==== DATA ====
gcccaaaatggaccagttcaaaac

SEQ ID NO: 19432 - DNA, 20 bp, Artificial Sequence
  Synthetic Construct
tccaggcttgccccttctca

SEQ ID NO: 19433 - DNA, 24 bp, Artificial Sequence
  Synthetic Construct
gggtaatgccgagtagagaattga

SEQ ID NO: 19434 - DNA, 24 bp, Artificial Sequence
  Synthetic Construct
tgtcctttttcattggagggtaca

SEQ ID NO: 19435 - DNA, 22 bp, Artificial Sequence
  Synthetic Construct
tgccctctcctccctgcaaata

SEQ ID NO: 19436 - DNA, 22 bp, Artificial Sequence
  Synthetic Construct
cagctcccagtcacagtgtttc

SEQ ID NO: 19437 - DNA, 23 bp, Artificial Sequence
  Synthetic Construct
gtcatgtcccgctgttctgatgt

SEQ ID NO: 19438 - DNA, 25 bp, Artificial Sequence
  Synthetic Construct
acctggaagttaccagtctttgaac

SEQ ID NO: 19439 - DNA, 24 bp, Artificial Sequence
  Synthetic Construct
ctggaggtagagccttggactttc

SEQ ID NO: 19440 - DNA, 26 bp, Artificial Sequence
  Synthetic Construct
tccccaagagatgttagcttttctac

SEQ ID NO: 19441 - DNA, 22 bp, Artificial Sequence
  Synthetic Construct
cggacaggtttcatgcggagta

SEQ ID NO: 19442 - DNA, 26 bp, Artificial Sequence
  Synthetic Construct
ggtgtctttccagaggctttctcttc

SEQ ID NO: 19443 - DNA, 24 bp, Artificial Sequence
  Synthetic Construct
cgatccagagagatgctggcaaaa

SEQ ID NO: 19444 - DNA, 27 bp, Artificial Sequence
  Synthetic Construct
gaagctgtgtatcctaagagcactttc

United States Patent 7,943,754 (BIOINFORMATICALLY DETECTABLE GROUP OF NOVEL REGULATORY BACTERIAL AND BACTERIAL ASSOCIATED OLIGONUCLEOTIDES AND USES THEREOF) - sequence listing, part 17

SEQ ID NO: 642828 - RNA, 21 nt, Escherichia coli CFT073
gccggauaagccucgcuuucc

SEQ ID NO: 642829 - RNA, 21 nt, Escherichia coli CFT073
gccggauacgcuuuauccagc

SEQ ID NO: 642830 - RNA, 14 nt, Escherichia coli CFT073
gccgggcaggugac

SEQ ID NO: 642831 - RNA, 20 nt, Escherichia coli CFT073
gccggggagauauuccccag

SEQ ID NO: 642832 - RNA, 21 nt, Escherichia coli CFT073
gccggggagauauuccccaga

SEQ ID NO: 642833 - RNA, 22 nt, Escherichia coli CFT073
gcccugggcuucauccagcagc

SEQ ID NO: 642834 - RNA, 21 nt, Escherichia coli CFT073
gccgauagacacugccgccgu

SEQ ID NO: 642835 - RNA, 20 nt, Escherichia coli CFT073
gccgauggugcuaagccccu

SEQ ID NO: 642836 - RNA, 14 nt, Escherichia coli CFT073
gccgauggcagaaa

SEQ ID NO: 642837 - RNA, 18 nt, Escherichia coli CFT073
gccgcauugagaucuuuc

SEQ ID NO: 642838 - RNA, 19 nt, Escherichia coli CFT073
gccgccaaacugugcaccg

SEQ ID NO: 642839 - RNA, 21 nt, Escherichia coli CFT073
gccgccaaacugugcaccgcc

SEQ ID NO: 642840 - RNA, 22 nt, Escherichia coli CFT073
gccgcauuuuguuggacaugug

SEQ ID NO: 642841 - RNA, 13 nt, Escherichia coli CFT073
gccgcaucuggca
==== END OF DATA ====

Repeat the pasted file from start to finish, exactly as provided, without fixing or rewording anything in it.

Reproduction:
gcccaaaatggaccagttcaaaac

SEQ ID NO: 19432 - DNA, 20 bp, Artificial Sequence
  Synthetic Construct
tccaggcttgccccttctca

SEQ ID NO: 19433 - DNA, 24 bp, Artificial Sequence
  Synthetic Construct
gggtaatgccgagtagagaattga

SEQ ID NO: 19434 - DNA, 24 bp, Artificial Sequence
  Synthetic Construct
tgtcctttttcattggagggtaca

SEQ ID NO: 19435 - DNA, 22 bp, Artificial Sequence
  Synthetic Construct
tgccctctcctccctgcaaata

SEQ ID NO: 19436 - DNA, 22 bp, Artificial Sequence
  Synthetic Construct
cagctcccagtcacagtgtttc

SEQ ID NO: 19437 - DNA, 23 bp, Artificial Sequence
  Synthetic Construct
gtcatgtcccgctgttctgatgt

SEQ ID NO: 19438 - DNA, 25 bp, Artificial Sequence
  Synthetic Construct
acctggaagttaccagtctttgaac

SEQ ID NO: 19439 - DNA, 24 bp, Artificial Sequence
  Synthetic Construct
ctggaggtagagccttggactttc

SEQ ID NO: 19440 - DNA, 26 bp, Artificial Sequence
  Synthetic Construct
tccccaagagatgttagcttttctac

SEQ ID NO: 19441 - DNA, 22 bp, Artificial Sequence
  Synthetic Construct
cggacaggtttcatgcggagta

SEQ ID NO: 19442 - DNA, 26 bp, Artificial Sequence
  Synthetic Construct
ggtgtctttccagaggctttctcttc

SEQ ID NO: 19443 - DNA, 24 bp, Artificial Sequence
  Synthetic Construct
cgatccagagagatgctggcaaaa

SEQ ID NO: 19444 - DNA, 27 bp, Artificial Sequence
  Synthetic Construct
gaagctgtgtatcctaagagcactttc

United States Patent 7,943,754 (BIOINFORMATICALLY DETECTABLE GROUP OF NOVEL REGULATORY BACTERIAL AND BACTERIAL ASSOCIATED OLIGONUCLEOTIDES AND USES THEREOF) - sequence listing, part 17

SEQ ID NO: 642828 - RNA, 21 nt, Escherichia coli CFT073
gccggauaagccucgcuuucc

SEQ ID NO: 642829 - RNA, 21 nt, Escherichia coli CFT073
gccggauacgcuuuauccagc

SEQ ID NO: 642830 - RNA, 14 nt, Escherichia coli CFT073
gccgggcaggugac

SEQ ID NO: 642831 - RNA, 20 nt, Escherichia coli CFT073
gccggggagauauuccccag

SEQ ID NO: 642832 - RNA, 21 nt, Escherichia coli CFT073
gccggggagauauuccccaga

SEQ ID NO: 642833 - RNA, 22 nt, Escherichia coli CFT073
gcccugggcuucauccagcagc

SEQ ID NO: 642834 - RNA, 21 nt, Escherichia coli CFT073
gccgauagacacugccgccgu

SEQ ID NO: 642835 - RNA, 20 nt, Escherichia coli CFT073
gccgauggugcuaagccccu

SEQ ID NO: 642836 - RNA, 14 nt, Escherichia coli CFT073
gccgauggcagaaa

SEQ ID NO: 642837 - RNA, 18 nt, Escherichia coli CFT073
gccgcauugagaucuuuc

SEQ ID NO: 642838 - RNA, 19 nt, Escherichia coli CFT073
gccgccaaacugugcaccg

SEQ ID NO: 642839 - RNA, 21 nt, Escherichia coli CFT073
gccgccaaacugugcaccgcc

SEQ ID NO: 642840 - RNA, 22 nt, Escherichia coli CFT073
gccgcauuuuguuggacaugug

SEQ ID NO: 642841 - RNA, 13 nt, Escherichia coli CFT073
gccgcaucuggca